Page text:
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Extremity magnetic resonance imaging assessment of synovitis (without contrast) in rheumatoid arthritis may be less accurate than power Doppler ultrasound
  1. J E Freeston,
  2. A K Brown,
  3. E M A Hensor,
  4. P Emery,
  5. P G Conaghan
  1. Academic Unit of Musculoskeletal Disease, Chapel Allerton Hospital, Leeds, UK
  1. Professor Philip Conaghan, MBBS PhD FRACP FRCP, Professor of Musculoskeletal Medicine, Academic Unit of Musculoskeletal Disease, Chapel Allerton Hospital, Chapeltown Road, Leeds LS7 4SA, UK; p.conaghan{at}

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Although synovitis detection is optimal with contrast-enhanced, high field magnetic resonance imaging (MRI), the increased accessibility of power Doppler ultrasound (PDUS) has meant that it is more frequently utilised in the clinical setting. However, with the advent of low field extremity MRI (eMRI) and its practical advantages,1 there is a need to understand what is the most sensitive tool for routine clinical use. eMRI has been evaluated with respect to its ability to assess rheumatoid arthritis erosions in comparison with both high field MRI and radiography.24 There is relatively little published work, however, on eMRI’s ability to assess synovitis in comparison with high field MRI,47 and three of these reports used intravenous contrast, which further limits feasibility. Only one group have published …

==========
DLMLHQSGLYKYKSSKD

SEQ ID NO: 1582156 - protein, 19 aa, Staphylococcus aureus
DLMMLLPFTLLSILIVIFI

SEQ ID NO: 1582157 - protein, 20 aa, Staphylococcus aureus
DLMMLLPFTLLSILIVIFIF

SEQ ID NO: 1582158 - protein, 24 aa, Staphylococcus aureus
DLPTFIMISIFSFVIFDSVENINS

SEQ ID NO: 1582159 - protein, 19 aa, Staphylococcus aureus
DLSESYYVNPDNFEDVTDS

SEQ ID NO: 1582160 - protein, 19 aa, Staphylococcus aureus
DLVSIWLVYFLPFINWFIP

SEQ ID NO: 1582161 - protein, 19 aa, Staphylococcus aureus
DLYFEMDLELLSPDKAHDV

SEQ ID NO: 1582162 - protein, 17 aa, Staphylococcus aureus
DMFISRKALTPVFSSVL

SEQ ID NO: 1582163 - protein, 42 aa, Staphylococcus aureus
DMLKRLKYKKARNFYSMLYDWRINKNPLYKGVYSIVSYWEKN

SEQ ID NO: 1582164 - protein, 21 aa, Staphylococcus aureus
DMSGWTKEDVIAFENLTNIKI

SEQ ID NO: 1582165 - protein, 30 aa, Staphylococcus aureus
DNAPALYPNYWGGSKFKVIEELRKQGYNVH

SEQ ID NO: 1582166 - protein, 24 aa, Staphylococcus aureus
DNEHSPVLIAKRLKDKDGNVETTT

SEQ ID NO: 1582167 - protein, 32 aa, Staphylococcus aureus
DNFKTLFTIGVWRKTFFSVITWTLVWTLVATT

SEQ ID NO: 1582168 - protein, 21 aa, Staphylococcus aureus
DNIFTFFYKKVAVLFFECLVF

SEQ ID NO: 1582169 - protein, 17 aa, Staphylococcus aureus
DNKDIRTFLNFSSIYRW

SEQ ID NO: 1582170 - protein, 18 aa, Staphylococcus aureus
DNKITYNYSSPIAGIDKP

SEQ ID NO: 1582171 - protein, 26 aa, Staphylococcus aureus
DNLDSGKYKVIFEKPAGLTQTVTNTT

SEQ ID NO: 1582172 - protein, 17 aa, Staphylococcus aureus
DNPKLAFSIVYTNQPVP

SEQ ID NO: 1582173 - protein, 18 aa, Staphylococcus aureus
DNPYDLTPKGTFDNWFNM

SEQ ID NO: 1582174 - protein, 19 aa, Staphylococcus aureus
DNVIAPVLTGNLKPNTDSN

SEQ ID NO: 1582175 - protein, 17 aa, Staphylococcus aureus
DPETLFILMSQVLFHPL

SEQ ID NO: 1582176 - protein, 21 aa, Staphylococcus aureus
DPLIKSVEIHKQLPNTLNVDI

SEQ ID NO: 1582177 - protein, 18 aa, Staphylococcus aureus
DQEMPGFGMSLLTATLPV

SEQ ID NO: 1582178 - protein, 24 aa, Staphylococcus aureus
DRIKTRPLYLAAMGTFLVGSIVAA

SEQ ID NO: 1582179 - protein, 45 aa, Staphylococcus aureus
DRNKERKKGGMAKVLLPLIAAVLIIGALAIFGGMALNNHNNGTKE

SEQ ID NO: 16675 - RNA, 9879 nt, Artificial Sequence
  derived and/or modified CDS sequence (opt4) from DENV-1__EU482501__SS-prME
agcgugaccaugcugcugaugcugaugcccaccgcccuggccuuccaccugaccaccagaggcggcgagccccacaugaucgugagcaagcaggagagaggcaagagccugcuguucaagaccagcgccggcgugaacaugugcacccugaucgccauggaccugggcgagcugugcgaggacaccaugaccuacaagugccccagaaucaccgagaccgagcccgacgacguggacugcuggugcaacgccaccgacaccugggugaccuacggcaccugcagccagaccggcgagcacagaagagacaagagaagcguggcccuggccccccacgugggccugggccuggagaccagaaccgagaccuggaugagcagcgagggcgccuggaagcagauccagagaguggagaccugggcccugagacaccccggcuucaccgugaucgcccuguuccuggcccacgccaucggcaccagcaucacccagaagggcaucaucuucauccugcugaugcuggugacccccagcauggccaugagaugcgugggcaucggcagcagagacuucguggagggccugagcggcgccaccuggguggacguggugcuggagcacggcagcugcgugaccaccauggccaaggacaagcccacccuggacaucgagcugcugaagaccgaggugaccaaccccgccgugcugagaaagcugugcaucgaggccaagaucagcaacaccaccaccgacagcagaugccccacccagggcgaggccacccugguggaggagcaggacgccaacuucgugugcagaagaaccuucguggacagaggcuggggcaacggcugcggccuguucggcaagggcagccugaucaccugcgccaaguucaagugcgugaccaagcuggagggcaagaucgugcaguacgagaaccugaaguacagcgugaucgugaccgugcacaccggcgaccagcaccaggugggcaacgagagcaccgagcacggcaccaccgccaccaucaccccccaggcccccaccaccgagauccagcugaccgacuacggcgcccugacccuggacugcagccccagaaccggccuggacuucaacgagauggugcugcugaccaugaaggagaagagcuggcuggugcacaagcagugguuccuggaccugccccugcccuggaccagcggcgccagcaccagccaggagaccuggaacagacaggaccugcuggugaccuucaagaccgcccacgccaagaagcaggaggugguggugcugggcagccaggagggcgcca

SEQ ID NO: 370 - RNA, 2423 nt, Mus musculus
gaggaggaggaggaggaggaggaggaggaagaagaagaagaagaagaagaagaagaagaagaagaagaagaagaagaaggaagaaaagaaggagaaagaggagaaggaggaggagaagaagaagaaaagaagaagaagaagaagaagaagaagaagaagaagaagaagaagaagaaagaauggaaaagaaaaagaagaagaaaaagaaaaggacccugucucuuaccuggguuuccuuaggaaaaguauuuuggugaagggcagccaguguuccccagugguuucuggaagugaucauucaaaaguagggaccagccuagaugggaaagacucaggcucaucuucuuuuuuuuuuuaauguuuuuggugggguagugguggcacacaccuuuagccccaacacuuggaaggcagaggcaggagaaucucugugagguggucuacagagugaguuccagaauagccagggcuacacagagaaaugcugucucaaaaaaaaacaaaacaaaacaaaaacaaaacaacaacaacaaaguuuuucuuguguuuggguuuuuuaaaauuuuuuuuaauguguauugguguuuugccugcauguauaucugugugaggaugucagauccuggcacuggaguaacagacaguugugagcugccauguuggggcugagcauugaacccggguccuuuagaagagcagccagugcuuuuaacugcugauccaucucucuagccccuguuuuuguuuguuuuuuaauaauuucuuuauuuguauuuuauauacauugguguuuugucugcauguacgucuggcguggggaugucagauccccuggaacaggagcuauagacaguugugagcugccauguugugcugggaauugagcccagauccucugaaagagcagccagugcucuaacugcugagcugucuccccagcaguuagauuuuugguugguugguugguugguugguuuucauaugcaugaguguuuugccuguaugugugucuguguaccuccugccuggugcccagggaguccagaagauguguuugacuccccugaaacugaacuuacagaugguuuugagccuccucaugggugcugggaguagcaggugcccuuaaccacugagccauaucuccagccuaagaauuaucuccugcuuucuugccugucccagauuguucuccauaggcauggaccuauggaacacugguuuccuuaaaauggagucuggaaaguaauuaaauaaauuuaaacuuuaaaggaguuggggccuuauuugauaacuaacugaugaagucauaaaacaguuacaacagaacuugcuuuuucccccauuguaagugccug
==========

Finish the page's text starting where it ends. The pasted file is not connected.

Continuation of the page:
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  • Competing interests: None.

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